The Thirst Project has come to Fossil

Photo+Credit%3A+Global+Citizen
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The Thirst Project has come to Fossil

Photo Credit: Global Citizen

Photo Credit: Global Citizen

Photo Credit: Global Citizen

Photo Credit: Global Citizen

Macy Fowler

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The Thirst Project is not about making people thirsty, it is the world’s largest youth water organization, where they provide small, rural communities with clean water. In 2008, seven college students learned about the global water crisis and realized they needed to become involved to help those who were in need. At first, they did not think about creating the organization, they simply wanted to bring the issue up with students who might not have known about the crisis. Once realizing what true influence they had and raising $12,000 at school speaking events, the Thirst Project was created. The Thirst Project was officially created in 2011 and within the seven years that Thirst Project has been on its feet, they’ve raised over $8 million with the help of students all across the United States. Activating students with the knowledge and understanding of the global water crisis, they challenge them to come up with their own fundraisers and ideas to raise money.

Photo Credit: Tama Tea

According to the Thirst Project, providing a community with clean drinking water can reduce child mortality rates by 90% and the disease rates by 88% almost overnight. Someone who has AIDS/HIV in Swaziland is forced to drink the dirty water, yet the contaminants in the water could kill them faster than the disease. Education rates are very low in Swaziland, in part caused by children spending six to eight hours a day walking to get water. Women spend just as much time receiving enough water for their families, having to walk 3.75 miles, which is very physically demanding. The Thirst Project has documented many counts of women suffering from dehydration and chronic fatigue. With better access to clean water, women and children have so many more opportunities and better overall health.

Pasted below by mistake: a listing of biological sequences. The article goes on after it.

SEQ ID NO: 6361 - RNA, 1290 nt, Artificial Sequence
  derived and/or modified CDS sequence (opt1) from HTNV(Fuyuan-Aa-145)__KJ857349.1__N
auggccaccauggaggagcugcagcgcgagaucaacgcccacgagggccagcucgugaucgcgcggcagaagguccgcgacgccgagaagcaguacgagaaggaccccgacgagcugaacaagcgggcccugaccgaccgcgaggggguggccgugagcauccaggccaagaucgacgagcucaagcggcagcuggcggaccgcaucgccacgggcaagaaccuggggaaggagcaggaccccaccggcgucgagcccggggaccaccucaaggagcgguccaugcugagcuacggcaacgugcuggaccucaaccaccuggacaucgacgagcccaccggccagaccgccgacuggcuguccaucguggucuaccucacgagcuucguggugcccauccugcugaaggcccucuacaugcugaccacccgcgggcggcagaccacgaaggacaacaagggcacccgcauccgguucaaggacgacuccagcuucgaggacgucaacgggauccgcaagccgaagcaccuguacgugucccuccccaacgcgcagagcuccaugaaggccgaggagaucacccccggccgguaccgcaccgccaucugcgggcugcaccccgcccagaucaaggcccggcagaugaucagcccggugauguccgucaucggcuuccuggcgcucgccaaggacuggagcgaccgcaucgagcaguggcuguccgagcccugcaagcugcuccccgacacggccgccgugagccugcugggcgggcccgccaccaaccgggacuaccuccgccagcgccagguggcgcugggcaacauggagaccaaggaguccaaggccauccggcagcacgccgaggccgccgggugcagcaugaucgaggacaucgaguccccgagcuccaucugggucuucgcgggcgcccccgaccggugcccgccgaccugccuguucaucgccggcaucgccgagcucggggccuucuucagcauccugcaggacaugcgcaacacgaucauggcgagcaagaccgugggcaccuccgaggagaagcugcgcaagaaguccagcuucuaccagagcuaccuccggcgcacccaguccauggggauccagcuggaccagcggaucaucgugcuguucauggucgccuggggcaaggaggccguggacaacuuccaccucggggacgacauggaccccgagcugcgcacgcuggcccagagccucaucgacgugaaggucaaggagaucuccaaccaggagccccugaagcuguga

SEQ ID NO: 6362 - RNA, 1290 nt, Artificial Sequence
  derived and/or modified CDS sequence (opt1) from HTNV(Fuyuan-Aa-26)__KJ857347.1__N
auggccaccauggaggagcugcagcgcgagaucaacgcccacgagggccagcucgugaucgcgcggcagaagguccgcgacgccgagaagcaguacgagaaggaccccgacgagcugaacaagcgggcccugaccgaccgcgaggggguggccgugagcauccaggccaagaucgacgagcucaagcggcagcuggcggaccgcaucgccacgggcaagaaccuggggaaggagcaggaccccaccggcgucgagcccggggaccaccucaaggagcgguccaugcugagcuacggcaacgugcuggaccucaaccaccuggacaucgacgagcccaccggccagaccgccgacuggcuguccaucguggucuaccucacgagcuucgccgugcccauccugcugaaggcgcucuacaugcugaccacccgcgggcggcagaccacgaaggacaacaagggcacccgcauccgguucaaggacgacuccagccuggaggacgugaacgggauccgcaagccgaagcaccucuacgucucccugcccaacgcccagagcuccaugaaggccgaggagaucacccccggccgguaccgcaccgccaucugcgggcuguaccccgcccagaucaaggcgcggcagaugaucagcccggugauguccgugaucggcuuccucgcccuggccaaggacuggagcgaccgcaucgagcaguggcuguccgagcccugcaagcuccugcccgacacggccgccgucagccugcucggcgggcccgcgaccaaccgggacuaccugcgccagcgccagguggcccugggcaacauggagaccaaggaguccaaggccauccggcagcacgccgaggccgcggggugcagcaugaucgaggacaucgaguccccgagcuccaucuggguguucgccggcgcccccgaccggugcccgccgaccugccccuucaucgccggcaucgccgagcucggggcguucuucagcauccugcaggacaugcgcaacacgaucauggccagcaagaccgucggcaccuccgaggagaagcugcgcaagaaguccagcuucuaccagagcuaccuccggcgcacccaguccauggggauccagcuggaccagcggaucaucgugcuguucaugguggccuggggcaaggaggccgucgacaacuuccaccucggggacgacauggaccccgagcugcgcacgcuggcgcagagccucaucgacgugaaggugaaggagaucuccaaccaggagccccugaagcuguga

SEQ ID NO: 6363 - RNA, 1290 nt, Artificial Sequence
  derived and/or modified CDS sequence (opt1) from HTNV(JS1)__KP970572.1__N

The Thirst Project has Road Warriors, who travel throughout the country and engage with students. Kellin Brewer turned volunteering as a Road Warrior into a full-time project. Brewer joined the Thirst Project mainly because of its youth focus. “I was blown away by this army of altruistic young people and ultimately persuaded by the 100% nonprofit organization guarantee of Thirst Project,” said Brewer. Brewer has stayed at the Thirst Project because of the relationships that he has built and the change he has been able to witness. “Thirst Project brings clean water to those in need, but it also changes the lives of thousands of young people, including my own.” Brewer’s biggest impact has been educating students about the water crisis and their movement to end it. “Being a part of our Thirst Project School Tour as a Road Warrior was insane, in the best way possible. It was by far the most challenging and simultaneously rewarding experience that I’ve ever had in my entire life,” said Brewer. When Brewer was asked if he had any favorite stories he was not quite sure what to say. “My favorite stories though, are those of students that approached me after I spoke and shared their personal stories. Some more touching than others, but on countless occasions I met students that were so moved by the content of my speech that they felt powerful, vulnerable and capable all at the same time. These moments were truly humbling.”

For Fossil Ridge High School students to get involved, you can tell your friends about the Thirst Project, donate directly or donate to the Key Club to help them reach their goal of $6,000. Fossil Ridge Key Club has already raised over $2,000 and helped fundraise money to build half of a well. The Thirst Project was once a small, unknown organization that is now spreading the word of the global water crisis.